Federer enjoys duties of defending champion
Last year's victory puts him at ease in an event once dominated by his top rival, Rafael Nadal.
PARIS - Plenty of tennis tournaments, big and small, ask Roger Federer to participate in their draw ceremonies - show up, shake some hands, pose for a few photos, lend prestige. He has a ready response.
"I always say no," the 16-time major champion explained, "just because I don't want to be a part of it."
At this year's French Open, Federer did not have a choice in the matter. The French Open, you see, always invites the previous year's male and female champions to help determine the brackets by reaching into the tournament's silver trophies, randomly selecting numbers assigned to players. Finally, Federer was eligible.
So there he was Friday morning at the French tennis federation's museum on the Roland Garros grounds, wearing a dark blazer, crisp collared shirt, and jeans. Smiling for the cameras. Pulling numbers out of a trophy. Performing, at long last, the duties of the French Open's defending champion.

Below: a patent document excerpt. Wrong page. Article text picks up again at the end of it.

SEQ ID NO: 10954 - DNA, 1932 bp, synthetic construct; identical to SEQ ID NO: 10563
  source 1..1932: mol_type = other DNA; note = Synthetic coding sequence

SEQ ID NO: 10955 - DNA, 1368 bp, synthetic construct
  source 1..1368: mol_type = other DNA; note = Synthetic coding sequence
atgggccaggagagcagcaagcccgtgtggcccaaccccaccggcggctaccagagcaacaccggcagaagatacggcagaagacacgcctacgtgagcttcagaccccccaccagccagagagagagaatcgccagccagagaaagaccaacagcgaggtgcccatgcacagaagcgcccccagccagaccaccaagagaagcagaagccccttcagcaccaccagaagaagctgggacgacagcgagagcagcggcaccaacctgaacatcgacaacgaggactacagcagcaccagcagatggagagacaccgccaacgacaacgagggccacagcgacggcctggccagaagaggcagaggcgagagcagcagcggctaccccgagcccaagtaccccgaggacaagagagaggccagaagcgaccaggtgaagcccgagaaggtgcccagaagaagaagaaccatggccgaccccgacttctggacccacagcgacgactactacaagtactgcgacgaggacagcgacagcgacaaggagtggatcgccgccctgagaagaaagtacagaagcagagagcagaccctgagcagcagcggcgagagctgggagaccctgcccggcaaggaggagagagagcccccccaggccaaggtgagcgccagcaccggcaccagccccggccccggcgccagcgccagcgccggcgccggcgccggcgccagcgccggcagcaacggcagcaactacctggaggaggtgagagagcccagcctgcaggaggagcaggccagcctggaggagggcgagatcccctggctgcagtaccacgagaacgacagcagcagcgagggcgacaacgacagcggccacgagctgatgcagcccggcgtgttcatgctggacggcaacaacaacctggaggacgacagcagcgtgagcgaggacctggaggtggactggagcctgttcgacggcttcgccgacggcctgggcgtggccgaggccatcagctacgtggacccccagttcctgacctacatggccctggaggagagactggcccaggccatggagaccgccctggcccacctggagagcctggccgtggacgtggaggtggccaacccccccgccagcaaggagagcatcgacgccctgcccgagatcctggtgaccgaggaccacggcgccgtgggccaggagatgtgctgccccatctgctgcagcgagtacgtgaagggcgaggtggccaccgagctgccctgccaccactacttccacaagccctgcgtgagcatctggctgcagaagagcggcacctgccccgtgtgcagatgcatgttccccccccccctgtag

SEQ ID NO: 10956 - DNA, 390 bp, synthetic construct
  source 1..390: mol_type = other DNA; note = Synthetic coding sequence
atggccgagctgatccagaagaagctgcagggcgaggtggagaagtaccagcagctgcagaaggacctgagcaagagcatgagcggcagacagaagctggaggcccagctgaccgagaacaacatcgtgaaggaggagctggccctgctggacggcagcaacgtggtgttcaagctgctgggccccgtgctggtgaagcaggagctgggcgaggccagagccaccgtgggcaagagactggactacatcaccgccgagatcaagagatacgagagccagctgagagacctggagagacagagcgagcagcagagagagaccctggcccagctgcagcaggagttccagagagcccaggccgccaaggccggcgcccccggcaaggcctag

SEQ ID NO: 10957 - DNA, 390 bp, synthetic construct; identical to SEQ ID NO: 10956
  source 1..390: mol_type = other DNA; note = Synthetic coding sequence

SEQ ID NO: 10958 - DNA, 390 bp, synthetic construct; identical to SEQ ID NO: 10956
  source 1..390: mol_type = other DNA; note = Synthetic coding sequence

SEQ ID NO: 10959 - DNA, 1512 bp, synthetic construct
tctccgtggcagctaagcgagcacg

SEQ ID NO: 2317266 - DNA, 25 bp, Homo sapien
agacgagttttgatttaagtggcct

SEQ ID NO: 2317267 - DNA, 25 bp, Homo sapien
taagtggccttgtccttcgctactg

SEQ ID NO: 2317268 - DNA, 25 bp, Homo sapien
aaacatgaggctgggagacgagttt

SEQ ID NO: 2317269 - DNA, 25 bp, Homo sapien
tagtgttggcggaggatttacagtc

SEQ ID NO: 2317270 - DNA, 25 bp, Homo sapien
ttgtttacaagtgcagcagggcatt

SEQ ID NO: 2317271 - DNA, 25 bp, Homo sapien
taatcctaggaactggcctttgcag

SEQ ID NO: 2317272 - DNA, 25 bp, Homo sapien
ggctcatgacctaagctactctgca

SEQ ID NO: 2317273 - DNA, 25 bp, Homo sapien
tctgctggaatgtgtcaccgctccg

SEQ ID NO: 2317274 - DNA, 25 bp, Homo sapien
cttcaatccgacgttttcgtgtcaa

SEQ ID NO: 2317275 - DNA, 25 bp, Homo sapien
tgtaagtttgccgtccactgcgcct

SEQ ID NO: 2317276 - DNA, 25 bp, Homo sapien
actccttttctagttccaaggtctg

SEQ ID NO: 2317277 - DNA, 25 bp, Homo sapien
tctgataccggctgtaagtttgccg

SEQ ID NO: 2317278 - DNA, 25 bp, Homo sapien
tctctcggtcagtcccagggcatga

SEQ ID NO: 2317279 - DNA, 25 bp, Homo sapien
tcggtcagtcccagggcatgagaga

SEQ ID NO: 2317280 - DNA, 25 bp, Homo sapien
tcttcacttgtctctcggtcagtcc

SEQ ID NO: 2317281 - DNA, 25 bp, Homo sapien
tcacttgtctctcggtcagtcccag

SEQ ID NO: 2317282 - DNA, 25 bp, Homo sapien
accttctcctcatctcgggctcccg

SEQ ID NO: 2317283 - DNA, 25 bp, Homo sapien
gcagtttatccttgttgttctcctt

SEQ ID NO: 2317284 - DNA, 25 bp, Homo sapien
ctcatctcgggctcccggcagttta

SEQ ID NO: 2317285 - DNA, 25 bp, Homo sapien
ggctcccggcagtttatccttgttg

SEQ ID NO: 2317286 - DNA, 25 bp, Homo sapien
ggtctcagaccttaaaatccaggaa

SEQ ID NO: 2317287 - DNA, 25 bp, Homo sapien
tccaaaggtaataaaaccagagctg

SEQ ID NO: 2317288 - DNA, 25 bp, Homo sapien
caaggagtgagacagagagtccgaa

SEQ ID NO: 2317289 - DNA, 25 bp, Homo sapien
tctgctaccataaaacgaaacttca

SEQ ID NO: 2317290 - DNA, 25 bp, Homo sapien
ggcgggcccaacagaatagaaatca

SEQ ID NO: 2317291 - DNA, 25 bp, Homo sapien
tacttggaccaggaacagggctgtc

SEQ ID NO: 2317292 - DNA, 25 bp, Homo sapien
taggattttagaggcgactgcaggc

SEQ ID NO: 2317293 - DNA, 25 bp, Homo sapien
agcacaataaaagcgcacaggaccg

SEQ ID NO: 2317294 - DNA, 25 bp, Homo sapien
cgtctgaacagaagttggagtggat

Arriving on site this year "felt different because I have so many great memories from this court now, whereas in the past, I mean, I played good matches, but I couldn't come back and think, 'This is where I've had my most emotional wins in my career.' " Federer said.
Only one man has managed to beat Federer at Roland Garros during the last five years: his chief rival, Rafael Nadal. The Spaniard has won the French Open four times, and each journey to the title required a victory against Federer - in the 2005 semifinals, and the 2006-08 finals. A year ago, though, Nadal was upset in the fourth round, dropping his career mark at Roland Garros to 31-1.
Nadal leads the head-to-head series against Federer 14-7. His edge is 10-2 on clay, including a win over Federer in the final of last week's Madrid Masters.
Still, Federer insists he has "no complex whatsoever" about facing Nadal, who hasn't lost a match on clay to anyone this season.
Because Federer is seeded No. 1, and Nadal is No. 2, they could meet only in the June 6 final, an appointment most figure the pair will keep.
While Nadal won all three clay-court tournaments he entered this year, Federer is only 6-3 on the surface, including an opening loss at the Rome Masters.
But Federer is as good as it gets at Grand Slams, reaching 18 of the past 19 finals and a record 23 consecutive semifinals at tennis' major championships.